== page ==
Cable fault location
Cable fault location is a multi-step process that must be performed as quickly and as safely as possible because customers will be without power.
Step 1: Fault identification; once a fault has been identified, the first step is to determine the phase in which the fault occurred and if it is of low or high resistance. Doing so determines the correct technique and equipment that should be used to diagnose the fault. A low voltage pulse (e.g., 40 V) is used via a TDR (time domain reflectometer). If the fault is a higher resistance one (> 100 Ohm), a low voltage pulse will likely not see it. For these types of faults, an insulation tester or a VLF test instrument will be necessary.
Step 2: Pre-location; a reliable and precise pre-location is necessary to locate a cable fault quickly and efficiently; without this, the general proximity of the fault may be unknown and somewhat elusive. A good pre-location can determine the fault position within a few percent of the cable length and will reduce the required time for pinpointing to a few minutes. If the fault is a low resistance one, pre-location was likely completed together with fault identification via the TDR in Step 1. For high resistance faults, ARM (arc reflection) or ICE (impulse current) methods with a SWG (surge wave generator), or the Decay method with an HV DC tester (bridge), are necessary for pre-location.
Step 3: Cable tracing; this test is done to determine the route of the cable at the site (see the EasyLoc/Ferrolux)
Step 4: Pinpointing; As an underground cable rarely runs in a straight line and rather tends to meander in depth and direction, an exact transposition of pre-location results to a site is not practical. Even with a potential pre-location accuracy of 0.1 % or better, the deviation in the field can be around 5 %. Exact localisation of the fault with pinpoint accuracy is essential for preventing unnecessary excavation work. In most cases, shock discharge generators are used for pinpointing; these create a loud flashover crack by means of a capacitive discharge at the location of the fault. The cable is pinpointed precisely using an acoustic pinpointing device, such as the digiPHONE+, which evaluates the time difference between the acoustic signal and the electromagnetic impulse of the shock discharge. When searching for the cable run in the pre-located fault area, the exact fault location is reached as soon as the shortest time difference is displayed.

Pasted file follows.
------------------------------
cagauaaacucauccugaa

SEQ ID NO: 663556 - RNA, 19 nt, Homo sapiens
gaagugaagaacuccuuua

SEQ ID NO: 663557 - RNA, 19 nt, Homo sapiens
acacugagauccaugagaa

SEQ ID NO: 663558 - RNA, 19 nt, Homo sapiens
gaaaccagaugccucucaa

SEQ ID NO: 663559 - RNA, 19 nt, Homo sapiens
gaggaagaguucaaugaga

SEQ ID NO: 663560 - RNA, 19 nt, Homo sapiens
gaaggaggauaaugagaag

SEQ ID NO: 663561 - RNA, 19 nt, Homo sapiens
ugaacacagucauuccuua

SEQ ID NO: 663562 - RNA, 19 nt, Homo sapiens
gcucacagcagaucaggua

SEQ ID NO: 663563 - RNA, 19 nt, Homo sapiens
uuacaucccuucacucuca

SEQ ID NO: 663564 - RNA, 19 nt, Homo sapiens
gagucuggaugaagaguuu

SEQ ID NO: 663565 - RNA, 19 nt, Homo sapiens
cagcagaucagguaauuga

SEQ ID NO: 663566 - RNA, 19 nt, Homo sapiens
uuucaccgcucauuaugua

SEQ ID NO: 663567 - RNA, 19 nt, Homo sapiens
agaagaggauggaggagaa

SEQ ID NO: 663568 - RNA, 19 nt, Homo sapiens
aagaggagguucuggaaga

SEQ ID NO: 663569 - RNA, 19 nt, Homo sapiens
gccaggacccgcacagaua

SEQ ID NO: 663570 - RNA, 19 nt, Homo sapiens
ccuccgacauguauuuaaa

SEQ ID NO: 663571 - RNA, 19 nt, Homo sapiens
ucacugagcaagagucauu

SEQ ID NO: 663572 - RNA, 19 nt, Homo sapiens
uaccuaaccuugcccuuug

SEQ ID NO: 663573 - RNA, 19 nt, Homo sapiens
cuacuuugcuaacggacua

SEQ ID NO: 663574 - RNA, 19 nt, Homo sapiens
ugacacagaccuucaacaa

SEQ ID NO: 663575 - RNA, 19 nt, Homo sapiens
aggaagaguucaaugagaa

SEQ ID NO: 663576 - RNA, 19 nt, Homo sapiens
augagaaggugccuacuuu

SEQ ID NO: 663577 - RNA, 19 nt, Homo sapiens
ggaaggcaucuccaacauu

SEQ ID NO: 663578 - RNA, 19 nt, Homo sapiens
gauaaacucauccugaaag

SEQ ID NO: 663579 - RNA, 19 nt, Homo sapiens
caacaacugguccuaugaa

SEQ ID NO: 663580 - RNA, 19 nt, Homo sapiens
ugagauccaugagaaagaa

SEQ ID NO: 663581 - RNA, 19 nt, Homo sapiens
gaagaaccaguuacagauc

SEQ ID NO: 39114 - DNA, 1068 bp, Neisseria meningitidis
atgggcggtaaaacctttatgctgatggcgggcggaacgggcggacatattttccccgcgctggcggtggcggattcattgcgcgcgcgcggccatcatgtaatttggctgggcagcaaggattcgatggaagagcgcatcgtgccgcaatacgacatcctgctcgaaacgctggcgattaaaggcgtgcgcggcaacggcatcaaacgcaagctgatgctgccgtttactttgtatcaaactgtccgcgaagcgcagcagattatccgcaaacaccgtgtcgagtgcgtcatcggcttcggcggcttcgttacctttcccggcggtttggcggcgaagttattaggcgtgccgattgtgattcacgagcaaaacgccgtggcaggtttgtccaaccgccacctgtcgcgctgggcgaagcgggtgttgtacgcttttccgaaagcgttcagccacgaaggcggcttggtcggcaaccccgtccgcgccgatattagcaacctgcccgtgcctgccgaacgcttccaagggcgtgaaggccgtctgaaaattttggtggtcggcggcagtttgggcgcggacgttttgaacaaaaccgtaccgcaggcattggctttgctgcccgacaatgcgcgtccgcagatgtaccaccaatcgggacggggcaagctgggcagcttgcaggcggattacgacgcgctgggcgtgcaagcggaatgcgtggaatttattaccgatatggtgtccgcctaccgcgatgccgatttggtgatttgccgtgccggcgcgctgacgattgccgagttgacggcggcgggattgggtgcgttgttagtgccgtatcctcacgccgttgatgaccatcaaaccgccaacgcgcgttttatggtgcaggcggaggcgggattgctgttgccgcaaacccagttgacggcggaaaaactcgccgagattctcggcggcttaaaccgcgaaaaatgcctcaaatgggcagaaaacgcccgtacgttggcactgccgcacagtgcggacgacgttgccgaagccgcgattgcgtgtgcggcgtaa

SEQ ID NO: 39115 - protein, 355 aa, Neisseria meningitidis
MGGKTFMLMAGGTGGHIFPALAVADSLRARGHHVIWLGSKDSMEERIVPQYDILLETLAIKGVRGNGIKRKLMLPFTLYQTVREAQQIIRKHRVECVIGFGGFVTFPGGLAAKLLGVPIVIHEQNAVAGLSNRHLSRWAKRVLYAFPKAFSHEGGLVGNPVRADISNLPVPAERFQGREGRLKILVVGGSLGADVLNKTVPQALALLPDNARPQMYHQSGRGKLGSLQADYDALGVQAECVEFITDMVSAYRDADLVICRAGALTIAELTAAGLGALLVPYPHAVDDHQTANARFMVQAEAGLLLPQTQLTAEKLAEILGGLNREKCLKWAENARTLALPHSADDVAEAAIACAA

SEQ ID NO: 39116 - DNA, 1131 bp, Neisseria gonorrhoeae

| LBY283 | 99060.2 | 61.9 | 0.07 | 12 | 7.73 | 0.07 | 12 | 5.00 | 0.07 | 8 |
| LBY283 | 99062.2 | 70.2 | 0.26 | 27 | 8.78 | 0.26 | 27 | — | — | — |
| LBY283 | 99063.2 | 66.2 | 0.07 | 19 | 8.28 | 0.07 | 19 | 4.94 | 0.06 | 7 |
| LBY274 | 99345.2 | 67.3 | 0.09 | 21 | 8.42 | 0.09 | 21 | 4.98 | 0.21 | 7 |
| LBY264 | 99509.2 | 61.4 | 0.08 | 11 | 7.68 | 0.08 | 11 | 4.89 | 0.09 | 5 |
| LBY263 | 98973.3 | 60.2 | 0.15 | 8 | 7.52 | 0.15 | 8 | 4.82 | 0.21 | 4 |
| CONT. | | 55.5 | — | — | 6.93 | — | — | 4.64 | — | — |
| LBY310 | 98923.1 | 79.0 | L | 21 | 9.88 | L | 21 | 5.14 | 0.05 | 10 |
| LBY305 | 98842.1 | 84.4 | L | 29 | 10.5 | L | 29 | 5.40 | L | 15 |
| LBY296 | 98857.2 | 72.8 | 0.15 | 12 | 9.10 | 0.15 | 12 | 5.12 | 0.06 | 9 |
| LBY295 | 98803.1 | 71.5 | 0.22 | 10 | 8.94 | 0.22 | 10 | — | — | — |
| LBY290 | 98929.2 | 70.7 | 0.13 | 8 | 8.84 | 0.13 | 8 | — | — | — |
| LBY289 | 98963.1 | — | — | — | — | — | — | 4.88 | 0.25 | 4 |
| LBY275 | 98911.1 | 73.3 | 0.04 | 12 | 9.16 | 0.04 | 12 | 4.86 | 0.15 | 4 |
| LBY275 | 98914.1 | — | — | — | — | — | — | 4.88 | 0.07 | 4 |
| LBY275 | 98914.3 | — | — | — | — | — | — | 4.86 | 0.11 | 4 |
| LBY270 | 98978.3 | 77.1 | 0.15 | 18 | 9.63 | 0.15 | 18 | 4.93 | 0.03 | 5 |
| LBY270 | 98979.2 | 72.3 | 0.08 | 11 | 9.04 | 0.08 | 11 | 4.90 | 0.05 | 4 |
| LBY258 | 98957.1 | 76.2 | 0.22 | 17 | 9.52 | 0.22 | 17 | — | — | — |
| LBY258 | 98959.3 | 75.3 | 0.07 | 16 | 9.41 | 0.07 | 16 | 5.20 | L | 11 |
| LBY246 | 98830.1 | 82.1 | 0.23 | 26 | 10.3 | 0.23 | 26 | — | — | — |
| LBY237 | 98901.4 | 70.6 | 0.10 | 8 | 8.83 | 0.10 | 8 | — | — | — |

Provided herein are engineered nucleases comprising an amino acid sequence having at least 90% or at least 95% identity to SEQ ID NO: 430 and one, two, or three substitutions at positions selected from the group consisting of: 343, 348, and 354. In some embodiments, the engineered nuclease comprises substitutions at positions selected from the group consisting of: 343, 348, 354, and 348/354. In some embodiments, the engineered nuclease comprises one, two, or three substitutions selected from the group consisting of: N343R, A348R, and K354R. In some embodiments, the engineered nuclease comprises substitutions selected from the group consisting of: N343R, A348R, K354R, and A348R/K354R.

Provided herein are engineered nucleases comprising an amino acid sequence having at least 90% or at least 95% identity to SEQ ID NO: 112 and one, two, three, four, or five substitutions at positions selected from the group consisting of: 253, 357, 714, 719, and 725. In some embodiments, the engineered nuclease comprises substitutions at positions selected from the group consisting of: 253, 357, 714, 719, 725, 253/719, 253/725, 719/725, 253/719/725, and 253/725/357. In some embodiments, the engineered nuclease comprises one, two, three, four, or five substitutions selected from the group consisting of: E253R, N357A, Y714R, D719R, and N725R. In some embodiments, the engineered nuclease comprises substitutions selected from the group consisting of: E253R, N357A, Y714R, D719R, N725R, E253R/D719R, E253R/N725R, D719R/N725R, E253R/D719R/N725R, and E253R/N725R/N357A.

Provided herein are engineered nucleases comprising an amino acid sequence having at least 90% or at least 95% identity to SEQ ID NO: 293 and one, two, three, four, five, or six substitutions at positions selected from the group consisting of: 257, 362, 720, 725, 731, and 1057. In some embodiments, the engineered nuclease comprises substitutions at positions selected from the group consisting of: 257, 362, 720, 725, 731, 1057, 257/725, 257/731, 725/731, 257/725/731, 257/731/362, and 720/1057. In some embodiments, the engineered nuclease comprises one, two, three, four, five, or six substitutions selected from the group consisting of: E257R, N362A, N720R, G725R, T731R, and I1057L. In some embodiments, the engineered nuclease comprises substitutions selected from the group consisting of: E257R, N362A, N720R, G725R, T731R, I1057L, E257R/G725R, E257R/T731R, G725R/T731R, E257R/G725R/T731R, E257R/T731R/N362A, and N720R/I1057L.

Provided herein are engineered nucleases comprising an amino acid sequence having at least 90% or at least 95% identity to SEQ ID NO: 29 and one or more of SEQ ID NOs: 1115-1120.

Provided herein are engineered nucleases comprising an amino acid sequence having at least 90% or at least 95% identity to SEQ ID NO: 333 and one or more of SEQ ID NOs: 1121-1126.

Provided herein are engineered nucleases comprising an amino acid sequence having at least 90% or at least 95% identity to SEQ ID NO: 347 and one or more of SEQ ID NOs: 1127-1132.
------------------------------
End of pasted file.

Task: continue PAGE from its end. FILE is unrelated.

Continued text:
Short circuits or sheath faults do not cause audible breakdowns and require different technology for their location. For short circuits, audio frequency systems can be used, whereas sheath faults are mostly pinpointed using a pulsed, DC voltage and a step voltage receiver such as the ESG NT.
Today, sheath testing is one of the most important tools for the preventative maintenance of supply networks. A damaged sheath is a considerable hazard because sooner or later it will result in a cable fault, which will usually cause interruptions to supply. In addition, sheath damage accelerates water penetration and cable aging, reducing the cable's useful life. Quick detection and rectification of sheath defects contributes considerably to reducing maintenance costs.
Step 5: Cable Identification; this test yields the phase identification once the cable is unearthed and can determine the faulty cable amongst several cables. On live systems, clear identification of a cable before it is cut or fitted is a task with absolute relevance to safety. The Megger CI transmitter sends a safe 50V pulse at 100A which is then analysed through a corresponding receiver. Any mistakes here can result in fatal consequences for the cable fitter and may cause outages for the connected customers.